Better Funding, Organization Spurs Police, Medical Examiner to Get Cracking on Murder Cases That Have Nagged at Them for Years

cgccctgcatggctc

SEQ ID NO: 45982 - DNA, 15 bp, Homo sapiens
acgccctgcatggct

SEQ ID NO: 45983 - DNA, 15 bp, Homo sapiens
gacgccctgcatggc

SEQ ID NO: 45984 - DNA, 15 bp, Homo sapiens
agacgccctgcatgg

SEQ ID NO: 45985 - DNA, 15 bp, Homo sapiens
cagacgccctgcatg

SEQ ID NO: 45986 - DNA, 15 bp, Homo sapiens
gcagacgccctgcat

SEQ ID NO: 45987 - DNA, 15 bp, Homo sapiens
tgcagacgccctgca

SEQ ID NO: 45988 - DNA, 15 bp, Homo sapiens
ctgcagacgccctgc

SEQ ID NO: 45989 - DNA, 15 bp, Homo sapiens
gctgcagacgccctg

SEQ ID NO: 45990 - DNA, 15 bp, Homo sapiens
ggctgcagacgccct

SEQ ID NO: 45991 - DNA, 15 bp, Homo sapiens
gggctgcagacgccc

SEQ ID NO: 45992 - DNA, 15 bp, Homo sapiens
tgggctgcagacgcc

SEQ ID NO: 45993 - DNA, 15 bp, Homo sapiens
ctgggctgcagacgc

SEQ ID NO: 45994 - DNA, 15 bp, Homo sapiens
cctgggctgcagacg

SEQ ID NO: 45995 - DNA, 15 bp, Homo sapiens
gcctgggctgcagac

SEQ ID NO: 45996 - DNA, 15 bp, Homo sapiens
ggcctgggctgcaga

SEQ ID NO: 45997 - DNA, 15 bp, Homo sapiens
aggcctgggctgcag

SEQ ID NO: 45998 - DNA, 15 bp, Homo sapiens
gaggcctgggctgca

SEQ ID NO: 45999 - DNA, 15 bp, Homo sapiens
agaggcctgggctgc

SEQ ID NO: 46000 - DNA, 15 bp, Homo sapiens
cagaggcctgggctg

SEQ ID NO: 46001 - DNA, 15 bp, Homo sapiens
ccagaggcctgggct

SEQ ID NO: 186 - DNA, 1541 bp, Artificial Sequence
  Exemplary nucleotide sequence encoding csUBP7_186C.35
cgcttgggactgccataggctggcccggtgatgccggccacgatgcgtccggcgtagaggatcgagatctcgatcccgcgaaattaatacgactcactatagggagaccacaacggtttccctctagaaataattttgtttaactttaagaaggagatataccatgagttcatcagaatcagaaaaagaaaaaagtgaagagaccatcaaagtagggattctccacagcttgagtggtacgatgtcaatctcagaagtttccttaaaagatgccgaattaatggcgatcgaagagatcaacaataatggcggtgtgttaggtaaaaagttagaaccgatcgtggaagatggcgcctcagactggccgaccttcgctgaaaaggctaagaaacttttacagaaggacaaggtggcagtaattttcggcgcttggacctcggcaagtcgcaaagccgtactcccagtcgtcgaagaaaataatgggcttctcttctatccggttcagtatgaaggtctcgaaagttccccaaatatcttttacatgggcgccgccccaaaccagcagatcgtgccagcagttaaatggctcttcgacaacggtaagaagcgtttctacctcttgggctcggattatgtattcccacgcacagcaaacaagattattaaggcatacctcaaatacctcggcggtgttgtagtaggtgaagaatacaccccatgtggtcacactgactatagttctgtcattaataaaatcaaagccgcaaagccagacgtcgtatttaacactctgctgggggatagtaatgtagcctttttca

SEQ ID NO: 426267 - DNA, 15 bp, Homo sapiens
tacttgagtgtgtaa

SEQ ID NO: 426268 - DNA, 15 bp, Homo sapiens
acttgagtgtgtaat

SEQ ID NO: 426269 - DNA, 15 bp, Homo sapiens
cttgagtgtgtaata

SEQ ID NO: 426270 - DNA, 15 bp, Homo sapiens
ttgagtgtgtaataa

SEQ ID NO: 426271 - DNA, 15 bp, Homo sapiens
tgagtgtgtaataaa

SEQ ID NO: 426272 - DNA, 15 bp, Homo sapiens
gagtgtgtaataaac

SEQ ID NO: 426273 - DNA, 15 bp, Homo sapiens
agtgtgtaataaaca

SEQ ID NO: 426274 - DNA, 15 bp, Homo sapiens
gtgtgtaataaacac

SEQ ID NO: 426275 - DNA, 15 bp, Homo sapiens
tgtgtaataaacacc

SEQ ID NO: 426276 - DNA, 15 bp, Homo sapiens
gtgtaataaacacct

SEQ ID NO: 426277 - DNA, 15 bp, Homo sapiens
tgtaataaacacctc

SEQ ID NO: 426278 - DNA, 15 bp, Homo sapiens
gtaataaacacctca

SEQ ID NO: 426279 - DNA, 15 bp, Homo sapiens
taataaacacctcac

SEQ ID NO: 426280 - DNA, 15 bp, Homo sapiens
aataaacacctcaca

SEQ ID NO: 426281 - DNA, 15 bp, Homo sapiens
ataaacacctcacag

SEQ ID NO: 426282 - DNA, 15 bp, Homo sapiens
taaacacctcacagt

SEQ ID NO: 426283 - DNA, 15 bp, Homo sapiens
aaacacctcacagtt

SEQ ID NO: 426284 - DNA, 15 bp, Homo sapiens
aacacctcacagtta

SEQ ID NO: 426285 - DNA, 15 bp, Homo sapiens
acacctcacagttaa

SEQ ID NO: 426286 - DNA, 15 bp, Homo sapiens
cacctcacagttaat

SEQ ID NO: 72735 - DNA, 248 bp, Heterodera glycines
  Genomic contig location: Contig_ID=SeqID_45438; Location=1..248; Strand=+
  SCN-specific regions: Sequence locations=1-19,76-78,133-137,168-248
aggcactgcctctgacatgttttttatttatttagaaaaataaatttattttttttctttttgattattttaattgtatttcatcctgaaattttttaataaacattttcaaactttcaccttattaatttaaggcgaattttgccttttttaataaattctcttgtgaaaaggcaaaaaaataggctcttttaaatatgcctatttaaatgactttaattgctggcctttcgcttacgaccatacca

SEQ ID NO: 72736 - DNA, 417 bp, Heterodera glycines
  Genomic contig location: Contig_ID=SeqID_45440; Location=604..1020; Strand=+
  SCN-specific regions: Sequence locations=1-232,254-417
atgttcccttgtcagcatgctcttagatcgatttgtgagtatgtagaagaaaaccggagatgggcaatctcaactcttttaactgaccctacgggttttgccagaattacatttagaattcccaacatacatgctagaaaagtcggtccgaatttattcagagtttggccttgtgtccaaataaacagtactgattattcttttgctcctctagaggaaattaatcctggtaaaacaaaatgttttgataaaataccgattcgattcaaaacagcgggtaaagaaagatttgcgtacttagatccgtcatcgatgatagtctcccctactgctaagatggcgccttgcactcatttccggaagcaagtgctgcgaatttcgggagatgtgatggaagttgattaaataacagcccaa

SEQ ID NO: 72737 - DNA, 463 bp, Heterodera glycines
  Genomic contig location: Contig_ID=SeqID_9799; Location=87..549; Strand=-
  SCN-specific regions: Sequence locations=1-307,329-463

Dallas County Medical Examiner Jeffrey Barnard believed there was a serial killer targeting elderly women in Dallas in the late 1980s and early 1990s. Police warned that someone might be attacking the city's older residents after a string of murders in 1986. Stella A. Smith, 83: raped and beaten to death in a Pleasant Grove home in June. Not two months later: Ora Derby, 84, stabbed to death on her bedroom floor. Derby and Smith are just two names on a list of more than a dozen unsolved murders Barnard never has far from his mind. He started privately documenting the cases years ago and tests old evidence whenever he can. There was finally a match in the 1992 slaying of a homeless woman, who Barnard believed was long ago forgotten. DNA evidence found on her body was matched to an imprisoned man in Alabama. It was the first case a new Dallas Police Department cold case squad filed and the beginning of a unified effort to tackle some of the city's unsolved murders using grant funding for evidence testing, which was once only used for testing a backlog of rape kits. The group of detectives are now investigating a list of cases similar to Barnard's. Most of the victims on his list are older women. Some were stabbed. Some were strangled. Many were raped. "That's what got me going, because I was convinced that there was a serial killer of elderly women," he said.   Continue reading...

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